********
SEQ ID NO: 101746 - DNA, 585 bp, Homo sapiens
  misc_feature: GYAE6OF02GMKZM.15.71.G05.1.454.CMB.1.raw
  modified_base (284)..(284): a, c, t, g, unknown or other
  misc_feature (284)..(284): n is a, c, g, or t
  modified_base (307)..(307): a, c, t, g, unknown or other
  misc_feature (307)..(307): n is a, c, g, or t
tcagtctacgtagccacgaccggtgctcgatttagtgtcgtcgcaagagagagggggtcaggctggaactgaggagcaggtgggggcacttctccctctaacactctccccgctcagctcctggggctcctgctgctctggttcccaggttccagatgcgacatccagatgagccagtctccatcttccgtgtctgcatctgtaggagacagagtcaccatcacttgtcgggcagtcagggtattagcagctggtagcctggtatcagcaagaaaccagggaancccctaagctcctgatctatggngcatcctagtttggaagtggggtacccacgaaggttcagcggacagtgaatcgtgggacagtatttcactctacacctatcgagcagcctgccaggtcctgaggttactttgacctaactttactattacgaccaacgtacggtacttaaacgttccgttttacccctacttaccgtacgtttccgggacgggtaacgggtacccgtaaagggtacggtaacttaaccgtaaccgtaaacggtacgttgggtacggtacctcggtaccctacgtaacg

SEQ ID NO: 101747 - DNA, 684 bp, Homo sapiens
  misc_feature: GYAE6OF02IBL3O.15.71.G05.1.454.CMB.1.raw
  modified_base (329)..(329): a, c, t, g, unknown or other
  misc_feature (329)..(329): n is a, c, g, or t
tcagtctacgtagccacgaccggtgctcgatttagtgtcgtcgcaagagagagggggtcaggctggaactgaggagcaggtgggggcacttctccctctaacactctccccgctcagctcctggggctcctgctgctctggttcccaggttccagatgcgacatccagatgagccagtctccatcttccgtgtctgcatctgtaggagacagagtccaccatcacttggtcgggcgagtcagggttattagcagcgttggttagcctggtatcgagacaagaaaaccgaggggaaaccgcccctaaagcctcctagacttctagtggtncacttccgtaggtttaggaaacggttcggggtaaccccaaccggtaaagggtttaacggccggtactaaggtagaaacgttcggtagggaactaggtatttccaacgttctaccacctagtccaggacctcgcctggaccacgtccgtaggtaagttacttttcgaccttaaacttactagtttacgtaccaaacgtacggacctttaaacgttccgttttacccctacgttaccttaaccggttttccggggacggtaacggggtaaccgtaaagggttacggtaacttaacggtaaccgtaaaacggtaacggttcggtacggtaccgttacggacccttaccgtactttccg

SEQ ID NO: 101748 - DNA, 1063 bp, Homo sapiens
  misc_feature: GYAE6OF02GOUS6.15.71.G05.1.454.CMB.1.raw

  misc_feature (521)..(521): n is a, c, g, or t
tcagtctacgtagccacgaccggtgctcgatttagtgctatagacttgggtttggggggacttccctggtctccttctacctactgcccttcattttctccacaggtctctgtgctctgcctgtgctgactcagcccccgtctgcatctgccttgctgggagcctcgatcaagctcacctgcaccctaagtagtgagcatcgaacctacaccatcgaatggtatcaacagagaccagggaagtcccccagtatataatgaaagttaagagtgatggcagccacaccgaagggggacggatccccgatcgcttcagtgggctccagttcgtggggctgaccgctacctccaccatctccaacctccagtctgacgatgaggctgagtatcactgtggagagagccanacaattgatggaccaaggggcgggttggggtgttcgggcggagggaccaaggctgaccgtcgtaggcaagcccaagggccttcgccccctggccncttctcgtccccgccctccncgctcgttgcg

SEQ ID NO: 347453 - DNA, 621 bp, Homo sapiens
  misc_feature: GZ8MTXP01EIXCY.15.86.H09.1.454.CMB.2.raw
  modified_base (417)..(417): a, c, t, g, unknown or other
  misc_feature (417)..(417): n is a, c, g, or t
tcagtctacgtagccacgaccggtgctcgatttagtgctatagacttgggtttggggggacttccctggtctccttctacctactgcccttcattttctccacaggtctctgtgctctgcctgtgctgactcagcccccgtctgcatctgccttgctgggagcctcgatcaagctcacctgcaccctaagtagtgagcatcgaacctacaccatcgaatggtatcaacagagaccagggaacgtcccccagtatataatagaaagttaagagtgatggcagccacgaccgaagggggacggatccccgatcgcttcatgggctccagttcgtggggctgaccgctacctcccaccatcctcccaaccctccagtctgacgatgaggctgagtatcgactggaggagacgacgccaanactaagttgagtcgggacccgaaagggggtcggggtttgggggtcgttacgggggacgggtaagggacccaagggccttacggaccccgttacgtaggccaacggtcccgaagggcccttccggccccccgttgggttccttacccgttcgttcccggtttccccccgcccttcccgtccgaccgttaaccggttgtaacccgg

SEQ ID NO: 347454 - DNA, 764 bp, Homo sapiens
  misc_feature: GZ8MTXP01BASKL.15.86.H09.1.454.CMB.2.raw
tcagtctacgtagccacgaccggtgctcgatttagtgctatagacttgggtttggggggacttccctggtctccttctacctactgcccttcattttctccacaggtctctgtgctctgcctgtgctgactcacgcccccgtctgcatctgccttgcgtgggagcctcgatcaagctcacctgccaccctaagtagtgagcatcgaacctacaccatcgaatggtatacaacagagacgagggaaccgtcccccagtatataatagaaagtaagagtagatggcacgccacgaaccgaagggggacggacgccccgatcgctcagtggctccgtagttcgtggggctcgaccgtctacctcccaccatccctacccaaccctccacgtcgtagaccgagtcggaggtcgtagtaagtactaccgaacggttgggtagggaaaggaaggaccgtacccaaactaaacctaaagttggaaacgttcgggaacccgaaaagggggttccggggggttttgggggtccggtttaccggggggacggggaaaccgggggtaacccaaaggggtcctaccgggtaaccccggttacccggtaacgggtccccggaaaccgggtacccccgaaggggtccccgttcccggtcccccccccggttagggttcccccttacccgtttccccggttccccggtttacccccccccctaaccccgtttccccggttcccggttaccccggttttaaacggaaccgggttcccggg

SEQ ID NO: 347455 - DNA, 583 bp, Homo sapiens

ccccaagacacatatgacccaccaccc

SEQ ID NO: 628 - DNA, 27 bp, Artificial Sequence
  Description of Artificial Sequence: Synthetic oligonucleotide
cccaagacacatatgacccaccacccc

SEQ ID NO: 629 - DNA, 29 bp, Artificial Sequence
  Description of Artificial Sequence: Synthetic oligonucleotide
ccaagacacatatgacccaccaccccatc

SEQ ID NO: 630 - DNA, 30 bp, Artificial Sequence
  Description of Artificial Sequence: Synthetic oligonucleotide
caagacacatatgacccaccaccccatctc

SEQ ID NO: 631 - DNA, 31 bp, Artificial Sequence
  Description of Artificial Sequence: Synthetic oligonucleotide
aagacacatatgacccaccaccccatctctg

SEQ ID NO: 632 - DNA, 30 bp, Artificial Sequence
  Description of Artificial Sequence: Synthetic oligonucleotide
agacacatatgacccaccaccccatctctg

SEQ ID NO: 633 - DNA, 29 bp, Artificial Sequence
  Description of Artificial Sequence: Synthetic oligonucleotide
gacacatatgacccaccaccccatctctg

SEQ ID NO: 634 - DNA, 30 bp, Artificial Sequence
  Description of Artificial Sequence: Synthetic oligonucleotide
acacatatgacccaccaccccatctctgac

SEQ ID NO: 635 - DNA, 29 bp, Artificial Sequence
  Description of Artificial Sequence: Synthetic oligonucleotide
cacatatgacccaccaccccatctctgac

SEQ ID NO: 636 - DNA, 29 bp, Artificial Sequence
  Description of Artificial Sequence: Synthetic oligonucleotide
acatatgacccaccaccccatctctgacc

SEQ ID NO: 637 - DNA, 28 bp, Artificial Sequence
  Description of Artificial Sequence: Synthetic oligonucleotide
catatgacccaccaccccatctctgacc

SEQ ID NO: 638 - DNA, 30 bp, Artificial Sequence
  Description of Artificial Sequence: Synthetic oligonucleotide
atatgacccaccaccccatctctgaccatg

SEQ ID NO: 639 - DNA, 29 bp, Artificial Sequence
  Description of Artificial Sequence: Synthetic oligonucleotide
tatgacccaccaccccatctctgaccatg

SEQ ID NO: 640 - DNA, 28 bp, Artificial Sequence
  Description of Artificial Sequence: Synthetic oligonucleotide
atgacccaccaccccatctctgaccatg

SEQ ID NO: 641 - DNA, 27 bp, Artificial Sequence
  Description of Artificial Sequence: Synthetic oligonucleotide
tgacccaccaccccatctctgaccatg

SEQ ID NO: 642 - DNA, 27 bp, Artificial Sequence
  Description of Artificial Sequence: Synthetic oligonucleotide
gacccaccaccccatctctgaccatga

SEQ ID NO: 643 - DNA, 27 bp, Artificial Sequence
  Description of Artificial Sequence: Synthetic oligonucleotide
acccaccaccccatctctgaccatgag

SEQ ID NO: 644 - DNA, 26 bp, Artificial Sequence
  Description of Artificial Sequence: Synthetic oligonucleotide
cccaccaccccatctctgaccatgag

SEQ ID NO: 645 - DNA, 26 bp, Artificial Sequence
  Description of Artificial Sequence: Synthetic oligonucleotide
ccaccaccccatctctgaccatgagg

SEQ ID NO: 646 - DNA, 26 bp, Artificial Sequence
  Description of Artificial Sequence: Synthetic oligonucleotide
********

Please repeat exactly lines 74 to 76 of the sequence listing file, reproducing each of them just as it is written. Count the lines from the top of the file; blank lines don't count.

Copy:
acccaccaccccatctctgaccatgag

SEQ ID NO: 644 - DNA, 26 bp, Artificial Sequence
  Description of Artificial Sequence: Synthetic oligonucleotide